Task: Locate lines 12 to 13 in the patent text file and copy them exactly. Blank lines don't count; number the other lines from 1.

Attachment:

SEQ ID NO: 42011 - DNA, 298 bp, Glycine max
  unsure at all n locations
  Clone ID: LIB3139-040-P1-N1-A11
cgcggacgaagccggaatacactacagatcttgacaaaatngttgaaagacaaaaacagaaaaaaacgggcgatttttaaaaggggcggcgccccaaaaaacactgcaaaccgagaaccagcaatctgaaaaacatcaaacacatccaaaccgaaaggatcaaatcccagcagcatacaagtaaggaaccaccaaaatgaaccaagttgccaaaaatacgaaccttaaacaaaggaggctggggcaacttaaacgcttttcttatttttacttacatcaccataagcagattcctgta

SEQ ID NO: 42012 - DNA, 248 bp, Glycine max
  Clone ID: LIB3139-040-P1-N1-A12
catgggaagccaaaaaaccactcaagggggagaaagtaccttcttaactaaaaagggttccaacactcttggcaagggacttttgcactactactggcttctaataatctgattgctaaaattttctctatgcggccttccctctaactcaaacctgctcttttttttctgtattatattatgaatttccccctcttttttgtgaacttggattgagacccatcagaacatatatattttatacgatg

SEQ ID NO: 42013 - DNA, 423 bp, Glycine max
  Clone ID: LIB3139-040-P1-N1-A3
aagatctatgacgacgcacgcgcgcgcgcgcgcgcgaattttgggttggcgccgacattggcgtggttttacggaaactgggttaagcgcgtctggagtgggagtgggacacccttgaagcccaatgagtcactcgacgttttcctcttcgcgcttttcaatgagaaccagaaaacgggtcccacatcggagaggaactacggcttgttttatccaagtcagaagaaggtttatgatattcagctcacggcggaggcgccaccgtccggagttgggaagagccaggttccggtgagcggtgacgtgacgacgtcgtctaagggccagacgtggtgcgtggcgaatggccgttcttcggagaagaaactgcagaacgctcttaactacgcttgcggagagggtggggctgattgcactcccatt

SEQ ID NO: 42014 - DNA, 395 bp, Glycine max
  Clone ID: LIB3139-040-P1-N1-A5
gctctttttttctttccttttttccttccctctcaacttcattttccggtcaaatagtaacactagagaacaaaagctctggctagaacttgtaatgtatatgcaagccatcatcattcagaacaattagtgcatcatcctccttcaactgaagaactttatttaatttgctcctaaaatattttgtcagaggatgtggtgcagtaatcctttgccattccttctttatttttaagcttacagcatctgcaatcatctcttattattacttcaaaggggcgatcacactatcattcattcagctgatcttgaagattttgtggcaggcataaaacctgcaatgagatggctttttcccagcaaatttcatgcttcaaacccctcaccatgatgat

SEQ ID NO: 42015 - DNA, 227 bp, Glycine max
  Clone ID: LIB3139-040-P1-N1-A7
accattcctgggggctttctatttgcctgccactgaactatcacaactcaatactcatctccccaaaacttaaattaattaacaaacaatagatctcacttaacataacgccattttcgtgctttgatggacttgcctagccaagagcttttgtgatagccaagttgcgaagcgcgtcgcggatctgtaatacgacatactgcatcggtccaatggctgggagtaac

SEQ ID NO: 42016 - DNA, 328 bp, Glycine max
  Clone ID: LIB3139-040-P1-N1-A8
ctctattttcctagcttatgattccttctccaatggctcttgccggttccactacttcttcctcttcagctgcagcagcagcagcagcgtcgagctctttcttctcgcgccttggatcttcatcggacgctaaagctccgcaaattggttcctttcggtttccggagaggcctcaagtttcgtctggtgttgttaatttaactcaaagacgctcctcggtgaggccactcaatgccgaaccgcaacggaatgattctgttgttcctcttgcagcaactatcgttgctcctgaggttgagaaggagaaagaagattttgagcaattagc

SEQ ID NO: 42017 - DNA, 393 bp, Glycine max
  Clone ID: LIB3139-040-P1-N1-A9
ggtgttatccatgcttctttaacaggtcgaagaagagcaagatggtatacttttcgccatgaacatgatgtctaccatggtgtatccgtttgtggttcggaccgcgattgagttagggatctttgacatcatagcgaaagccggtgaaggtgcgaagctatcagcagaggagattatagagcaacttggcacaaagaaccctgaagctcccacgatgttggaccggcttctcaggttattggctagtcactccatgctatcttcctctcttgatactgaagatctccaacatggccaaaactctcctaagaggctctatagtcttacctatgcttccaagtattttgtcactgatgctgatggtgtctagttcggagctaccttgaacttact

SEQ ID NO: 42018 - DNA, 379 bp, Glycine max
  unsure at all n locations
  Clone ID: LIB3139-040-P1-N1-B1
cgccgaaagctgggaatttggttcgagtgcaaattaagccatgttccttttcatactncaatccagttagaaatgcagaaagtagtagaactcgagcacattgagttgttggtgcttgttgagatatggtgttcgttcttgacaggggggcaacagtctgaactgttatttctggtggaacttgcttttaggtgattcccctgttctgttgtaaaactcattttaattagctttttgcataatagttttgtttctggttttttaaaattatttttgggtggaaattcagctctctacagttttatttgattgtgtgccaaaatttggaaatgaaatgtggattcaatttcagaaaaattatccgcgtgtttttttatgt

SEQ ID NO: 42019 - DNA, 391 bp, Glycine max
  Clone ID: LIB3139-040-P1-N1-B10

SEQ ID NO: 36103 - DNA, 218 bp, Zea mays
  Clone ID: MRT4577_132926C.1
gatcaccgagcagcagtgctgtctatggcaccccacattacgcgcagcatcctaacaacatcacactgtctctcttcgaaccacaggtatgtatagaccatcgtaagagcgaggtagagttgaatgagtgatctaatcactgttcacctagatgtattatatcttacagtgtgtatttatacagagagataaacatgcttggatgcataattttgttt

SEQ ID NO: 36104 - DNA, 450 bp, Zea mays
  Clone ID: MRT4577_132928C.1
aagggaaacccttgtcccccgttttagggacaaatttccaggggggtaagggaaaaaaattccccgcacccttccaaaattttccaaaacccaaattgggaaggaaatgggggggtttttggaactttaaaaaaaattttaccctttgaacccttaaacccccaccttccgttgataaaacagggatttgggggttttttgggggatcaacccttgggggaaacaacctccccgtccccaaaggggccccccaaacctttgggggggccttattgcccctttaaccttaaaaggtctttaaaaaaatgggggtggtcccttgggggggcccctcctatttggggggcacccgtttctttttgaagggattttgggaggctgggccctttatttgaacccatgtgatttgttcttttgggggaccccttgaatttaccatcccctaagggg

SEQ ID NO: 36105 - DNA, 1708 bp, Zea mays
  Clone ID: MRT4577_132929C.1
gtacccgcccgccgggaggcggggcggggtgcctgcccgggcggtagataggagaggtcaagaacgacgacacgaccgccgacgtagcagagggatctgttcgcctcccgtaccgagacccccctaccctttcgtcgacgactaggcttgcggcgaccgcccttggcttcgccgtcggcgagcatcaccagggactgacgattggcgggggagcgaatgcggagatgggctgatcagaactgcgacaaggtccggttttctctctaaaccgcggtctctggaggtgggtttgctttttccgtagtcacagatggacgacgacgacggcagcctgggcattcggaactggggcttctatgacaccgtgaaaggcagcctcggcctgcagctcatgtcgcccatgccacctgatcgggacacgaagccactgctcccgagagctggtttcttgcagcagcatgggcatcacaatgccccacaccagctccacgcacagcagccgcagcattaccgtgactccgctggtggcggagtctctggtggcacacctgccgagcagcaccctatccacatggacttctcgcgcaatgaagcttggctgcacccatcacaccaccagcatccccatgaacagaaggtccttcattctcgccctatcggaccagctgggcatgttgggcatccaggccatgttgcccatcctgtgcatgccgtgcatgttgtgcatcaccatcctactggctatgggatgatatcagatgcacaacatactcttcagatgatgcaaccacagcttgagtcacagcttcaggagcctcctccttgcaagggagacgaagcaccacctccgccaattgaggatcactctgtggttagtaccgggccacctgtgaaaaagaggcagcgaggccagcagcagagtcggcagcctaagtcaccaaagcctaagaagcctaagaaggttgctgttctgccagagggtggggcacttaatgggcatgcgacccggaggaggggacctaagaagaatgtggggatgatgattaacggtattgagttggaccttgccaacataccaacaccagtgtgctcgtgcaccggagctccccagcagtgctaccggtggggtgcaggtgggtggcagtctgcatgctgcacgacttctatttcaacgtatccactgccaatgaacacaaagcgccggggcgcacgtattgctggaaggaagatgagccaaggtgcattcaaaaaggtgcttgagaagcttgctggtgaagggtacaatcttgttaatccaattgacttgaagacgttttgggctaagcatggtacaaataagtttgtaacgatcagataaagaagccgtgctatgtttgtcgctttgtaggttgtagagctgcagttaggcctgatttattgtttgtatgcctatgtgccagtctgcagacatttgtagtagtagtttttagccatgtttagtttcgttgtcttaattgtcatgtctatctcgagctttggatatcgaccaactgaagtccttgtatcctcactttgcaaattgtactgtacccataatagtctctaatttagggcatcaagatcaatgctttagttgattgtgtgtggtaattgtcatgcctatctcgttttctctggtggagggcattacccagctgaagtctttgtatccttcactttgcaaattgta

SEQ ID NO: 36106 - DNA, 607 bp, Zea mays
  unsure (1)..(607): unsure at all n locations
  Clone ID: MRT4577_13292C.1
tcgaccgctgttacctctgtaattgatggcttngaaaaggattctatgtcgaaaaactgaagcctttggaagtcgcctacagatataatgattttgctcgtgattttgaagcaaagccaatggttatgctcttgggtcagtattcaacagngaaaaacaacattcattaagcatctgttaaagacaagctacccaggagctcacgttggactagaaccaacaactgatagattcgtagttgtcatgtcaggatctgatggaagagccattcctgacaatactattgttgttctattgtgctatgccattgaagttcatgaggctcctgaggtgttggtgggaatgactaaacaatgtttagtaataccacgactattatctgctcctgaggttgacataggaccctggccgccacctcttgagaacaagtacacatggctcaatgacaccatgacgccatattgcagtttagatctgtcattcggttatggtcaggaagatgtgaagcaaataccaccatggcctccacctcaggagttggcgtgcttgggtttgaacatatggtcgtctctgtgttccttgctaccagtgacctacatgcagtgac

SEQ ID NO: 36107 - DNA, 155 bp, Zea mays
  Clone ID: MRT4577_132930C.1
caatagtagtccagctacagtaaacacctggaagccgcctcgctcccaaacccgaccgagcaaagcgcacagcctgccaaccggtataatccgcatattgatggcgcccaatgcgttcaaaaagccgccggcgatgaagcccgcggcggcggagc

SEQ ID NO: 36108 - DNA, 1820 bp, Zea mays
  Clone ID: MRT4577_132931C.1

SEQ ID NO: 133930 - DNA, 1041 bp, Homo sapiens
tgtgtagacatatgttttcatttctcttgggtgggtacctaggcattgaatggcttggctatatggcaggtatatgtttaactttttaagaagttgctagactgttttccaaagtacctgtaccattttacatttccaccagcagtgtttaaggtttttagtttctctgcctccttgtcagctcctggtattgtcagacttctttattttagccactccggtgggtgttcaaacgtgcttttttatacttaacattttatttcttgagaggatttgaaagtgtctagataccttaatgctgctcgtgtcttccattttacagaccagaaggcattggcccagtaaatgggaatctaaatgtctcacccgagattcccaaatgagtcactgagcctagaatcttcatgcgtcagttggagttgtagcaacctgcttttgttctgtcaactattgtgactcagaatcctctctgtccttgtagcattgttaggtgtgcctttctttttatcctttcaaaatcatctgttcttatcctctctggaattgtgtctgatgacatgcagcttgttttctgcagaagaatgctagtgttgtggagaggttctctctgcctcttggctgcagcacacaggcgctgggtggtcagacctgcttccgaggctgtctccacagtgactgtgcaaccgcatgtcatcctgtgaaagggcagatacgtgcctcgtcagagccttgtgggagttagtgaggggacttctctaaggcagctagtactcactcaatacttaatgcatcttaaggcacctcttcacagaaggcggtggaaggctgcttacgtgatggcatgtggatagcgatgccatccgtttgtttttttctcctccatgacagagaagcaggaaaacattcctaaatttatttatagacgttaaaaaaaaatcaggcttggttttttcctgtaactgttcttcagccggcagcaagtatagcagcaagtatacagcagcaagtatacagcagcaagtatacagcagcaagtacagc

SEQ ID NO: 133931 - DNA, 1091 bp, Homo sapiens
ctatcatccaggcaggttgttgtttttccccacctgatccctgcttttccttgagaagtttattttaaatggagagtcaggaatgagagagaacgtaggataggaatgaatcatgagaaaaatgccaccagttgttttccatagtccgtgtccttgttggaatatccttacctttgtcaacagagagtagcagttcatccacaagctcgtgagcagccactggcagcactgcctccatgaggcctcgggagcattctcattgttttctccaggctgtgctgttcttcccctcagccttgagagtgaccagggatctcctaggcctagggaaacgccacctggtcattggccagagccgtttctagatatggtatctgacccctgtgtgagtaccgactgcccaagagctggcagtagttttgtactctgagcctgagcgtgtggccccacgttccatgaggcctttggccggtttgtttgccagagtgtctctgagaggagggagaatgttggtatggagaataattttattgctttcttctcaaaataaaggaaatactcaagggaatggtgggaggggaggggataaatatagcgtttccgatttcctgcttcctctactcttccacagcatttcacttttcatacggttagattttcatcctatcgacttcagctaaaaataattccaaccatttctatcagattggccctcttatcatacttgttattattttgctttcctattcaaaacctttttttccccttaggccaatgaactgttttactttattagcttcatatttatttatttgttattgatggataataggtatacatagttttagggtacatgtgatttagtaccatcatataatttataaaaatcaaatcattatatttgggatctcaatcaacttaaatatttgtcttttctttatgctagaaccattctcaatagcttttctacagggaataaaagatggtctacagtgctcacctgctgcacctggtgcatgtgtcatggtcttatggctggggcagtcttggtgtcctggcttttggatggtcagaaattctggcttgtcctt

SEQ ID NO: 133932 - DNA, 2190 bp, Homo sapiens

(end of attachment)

  Clone ID: LIB3139-040-P1-N1-A5
gctctttttttctttccttttttccttccctctcaacttcattttccggtcaaatagtaacactagagaacaaaagctctggctagaacttgtaatgtatatgcaagccatcatcattcagaacaattagtgcatcatcctccttcaactgaagaactttatttaatttgctcctaaaatattttgtcagaggatgtggtgcagtaatcctttgccattccttctttatttttaagcttacagcatctgcaatcatctcttattattacttcaaaggggcgatcacactatcattcattcagctgatcttgaagattttgtggcaggcataaaacctgcaatgagatggctttttcccagcaaatttcatgcttcaaacccctcaccatgatgat